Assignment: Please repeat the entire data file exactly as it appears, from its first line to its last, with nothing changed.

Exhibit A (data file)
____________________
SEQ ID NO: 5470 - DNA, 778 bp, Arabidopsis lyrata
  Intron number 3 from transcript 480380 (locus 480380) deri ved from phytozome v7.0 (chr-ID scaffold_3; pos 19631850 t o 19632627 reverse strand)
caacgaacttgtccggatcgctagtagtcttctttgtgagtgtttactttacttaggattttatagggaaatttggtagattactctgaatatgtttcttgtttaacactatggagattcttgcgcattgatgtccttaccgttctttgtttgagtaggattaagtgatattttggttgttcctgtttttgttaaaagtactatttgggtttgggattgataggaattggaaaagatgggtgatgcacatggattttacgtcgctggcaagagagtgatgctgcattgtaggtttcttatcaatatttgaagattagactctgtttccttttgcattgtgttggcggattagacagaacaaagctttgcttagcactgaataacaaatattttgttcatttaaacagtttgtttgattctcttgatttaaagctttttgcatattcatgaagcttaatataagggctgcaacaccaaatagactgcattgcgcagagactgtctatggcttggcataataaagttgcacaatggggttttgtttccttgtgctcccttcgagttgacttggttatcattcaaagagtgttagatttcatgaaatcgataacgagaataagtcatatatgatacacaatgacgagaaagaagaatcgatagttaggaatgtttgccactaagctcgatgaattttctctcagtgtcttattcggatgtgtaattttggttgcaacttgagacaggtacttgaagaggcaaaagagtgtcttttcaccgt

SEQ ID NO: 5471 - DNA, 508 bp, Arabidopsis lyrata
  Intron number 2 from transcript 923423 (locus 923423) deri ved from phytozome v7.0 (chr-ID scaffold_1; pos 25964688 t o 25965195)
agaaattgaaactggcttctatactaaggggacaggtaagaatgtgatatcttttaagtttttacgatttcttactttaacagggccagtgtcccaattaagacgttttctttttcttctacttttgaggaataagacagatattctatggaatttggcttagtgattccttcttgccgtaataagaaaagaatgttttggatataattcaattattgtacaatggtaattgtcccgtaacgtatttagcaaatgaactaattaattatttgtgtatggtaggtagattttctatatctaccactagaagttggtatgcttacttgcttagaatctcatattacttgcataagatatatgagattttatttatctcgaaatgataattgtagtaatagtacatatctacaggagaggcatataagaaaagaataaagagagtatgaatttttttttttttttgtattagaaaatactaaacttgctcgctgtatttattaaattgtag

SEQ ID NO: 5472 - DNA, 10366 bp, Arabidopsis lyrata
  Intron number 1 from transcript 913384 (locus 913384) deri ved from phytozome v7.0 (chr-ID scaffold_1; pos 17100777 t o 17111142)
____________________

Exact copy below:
SEQ ID NO: 5470 - DNA, 778 bp, Arabidopsis lyrata
  Intron number 3 from transcript 480380 (locus 480380) deri ved from phytozome v7.0 (chr-ID scaffold_3; pos 19631850 t o 19632627 reverse strand)
caacgaacttgtccggatcgctagtagtcttctttgtgagtgtttactttacttaggattttatagggaaatttggtagattactctgaatatgtttcttgtttaacactatggagattcttgcgcattgatgtccttaccgttctttgtttgagtaggattaagtgatattttggttgttcctgtttttgttaaaagtactatttgggtttgggattgataggaattggaaaagatgggtgatgcacatggattttacgtcgctggcaagagagtgatgctgcattgtaggtttcttatcaatatttgaagattagactctgtttccttttgcattgtgttggcggattagacagaacaaagctttgcttagcactgaataacaaatattttgttcatttaaacagtttgtttgattctcttgatttaaagctttttgcatattcatgaagcttaatataagggctgcaacaccaaatagactgcattgcgcagagactgtctatggcttggcataataaagttgcacaatggggttttgtttccttgtgctcccttcgagttgacttggttatcattcaaagagtgttagatttcatgaaatcgataacgagaataagtcatatatgatacacaatgacgagaaagaagaatcgatagttaggaatgtttgccactaagctcgatgaattttctctcagtgtcttattcggatgtgtaattttggttgcaacttgagacaggtacttgaagaggcaaaagagtgtcttttcaccgt

SEQ ID NO: 5471 - DNA, 508 bp, Arabidopsis lyrata
  Intron number 2 from transcript 923423 (locus 923423) deri ved from phytozome v7.0 (chr-ID scaffold_1; pos 25964688 t o 25965195)
agaaattgaaactggcttctatactaaggggacaggtaagaatgtgatatcttttaagtttttacgatttcttactttaacagggccagtgtcccaattaagacgttttctttttcttctacttttgaggaataagacagatattctatggaatttggcttagtgattccttcttgccgtaataagaaaagaatgttttggatataattcaattattgtacaatggtaattgtcccgtaacgtatttagcaaatgaactaattaattatttgtgtatggtaggtagattttctatatctaccactagaagttggtatgcttacttgcttagaatctcatattacttgcataagatatatgagattttatttatctcgaaatgataattgtagtaatagtacatatctacaggagaggcatataagaaaagaataaagagagtatgaatttttttttttttttgtattagaaaatactaaacttgctcgctgtatttattaaattgtag

SEQ ID NO: 5472 - DNA, 10366 bp, Arabidopsis lyrata
  Intron number 1 from transcript 913384 (locus 913384) deri ved from phytozome v7.0 (chr-ID scaffold_1; pos 17100777 t o 17111142)